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How to keep a pond clean and clear

No matter how large or how few fish live in them, ponds can get dirty quickly. The water can become cloudy, green or even stagnant. Stagnant pond water not only smells bad, but it is also a potential breeding ground for biting insects like gnats. Regular pond maintenance can help keep the water clean and clear. Pond maintenance tips are the same for any type of pond, whether it is for commercial fish farming, swimming or raising domestic fish like koi.

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Check for the cause of any cloudy water. Scoop pond water up with a clean, clear glass jar. Put the jar of pond water in sunlight for 4 to 5 days. Algae will move about constantly in the water and will turn the sides of the jars green or brown. Silt will settle at the bottom of the jar and will not move about.

Treat the pond for excess silt. Throw in 45 kg of hay to treat silt caused by clay soils. Treat a pond with hay no more than five times a year, treating as needed. For other types of soil, add agricultural lime or agricultural gypsum as the manufacturer suggests.

Check the sides of ponds for erosion, which could add silt to the pond water. Some rodents cause holes or crumbling sides. Repair the sides of the pond with tight-fitting rocks like or fencing that does not rust. The rocks or fencing will discourage animals from digging. Hire a pond contractor to do the work if necessary.

Remove excess leaves and pond weeds with a pond skimmer or rake. Rotting leaves or weeds can cause the pond water to turn brown and cause a large build-up of ammonia that can be fatal to any fish or creatures living in the pond water. Rotting leaves and weeds can also help trigger a population explosion of algae. Taking leaves off of the pond's surface is enough. Digging to the bottom of the pond is not necessary.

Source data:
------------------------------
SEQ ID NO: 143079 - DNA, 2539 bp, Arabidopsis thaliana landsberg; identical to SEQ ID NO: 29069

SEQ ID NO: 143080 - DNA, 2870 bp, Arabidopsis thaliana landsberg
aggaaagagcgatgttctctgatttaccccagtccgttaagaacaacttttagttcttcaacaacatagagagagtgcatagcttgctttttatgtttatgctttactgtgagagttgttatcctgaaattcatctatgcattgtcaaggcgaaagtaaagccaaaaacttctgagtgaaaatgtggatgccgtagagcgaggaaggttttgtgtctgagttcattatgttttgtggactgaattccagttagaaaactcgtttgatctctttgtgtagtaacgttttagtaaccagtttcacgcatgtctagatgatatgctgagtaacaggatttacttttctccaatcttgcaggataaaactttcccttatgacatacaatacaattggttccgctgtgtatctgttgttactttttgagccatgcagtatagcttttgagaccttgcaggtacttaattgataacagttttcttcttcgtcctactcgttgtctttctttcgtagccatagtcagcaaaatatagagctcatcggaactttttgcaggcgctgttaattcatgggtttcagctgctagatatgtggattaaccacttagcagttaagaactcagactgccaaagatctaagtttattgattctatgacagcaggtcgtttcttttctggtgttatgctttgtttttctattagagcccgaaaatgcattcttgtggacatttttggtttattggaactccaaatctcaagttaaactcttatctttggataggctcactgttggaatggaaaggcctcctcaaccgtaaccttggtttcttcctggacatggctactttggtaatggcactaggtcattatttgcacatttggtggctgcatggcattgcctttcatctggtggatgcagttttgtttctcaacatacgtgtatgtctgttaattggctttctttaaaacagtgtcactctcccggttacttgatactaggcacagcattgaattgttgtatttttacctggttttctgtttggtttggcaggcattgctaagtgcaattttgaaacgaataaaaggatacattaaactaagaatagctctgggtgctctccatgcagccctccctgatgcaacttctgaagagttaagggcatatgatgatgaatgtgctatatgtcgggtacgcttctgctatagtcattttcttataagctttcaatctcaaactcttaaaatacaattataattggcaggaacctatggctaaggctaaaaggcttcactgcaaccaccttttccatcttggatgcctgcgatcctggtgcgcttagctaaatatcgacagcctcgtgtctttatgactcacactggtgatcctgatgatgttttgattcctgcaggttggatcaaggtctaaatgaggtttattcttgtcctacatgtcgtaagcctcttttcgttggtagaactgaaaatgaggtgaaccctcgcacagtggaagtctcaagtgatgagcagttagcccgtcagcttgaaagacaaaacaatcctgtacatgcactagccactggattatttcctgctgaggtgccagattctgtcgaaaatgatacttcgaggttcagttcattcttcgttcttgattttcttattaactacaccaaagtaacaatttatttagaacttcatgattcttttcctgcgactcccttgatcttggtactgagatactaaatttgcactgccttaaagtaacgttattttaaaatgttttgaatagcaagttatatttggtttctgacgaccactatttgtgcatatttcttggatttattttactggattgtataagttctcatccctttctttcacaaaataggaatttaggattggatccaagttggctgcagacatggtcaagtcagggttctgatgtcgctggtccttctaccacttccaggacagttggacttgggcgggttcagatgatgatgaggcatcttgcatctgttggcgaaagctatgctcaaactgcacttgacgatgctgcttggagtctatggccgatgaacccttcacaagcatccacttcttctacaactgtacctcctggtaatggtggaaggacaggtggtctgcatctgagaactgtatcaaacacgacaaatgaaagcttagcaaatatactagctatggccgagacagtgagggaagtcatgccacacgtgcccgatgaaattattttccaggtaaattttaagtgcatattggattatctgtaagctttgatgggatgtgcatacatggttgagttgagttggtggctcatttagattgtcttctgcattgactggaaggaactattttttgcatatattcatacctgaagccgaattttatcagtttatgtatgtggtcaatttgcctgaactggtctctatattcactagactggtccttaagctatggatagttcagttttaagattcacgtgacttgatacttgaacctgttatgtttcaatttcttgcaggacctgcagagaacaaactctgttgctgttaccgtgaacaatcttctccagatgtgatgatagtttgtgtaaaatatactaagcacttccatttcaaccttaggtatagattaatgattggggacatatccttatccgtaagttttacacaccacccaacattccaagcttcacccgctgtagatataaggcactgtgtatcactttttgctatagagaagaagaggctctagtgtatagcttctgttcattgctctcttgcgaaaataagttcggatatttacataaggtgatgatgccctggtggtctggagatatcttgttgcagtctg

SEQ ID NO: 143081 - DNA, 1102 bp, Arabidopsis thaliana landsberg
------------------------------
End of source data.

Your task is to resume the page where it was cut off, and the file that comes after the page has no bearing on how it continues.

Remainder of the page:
Pond water that is especially muddy and has large holes in the pond sides is often due to cattle coming down to drink. Talk to anyone in the community that has cattle to see if this is the case, and set up a fence to keep cattle away.


Avoid using pesticides to kill rodents that might be damaging your pond. The chemicals can leak into the water and poison your fish.

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Things You'll Need

  • Clean glass jar
  • 45 kg of hay bales, agricultural gypsum or agricultural lime
  • Pile of tight-fitting rocks or non-rusting fencing
  • Skimmer or rake

About the Author

Rena Sherwood is a writer and Peter Gabriel fan who has lived in America and England. She has studied animals most of her life through direct observation and maintaining a personal library about pets. She has earned an associate degree in liberal arts from Delaware County Community College and a bachelor's degree in English from Millersville University.

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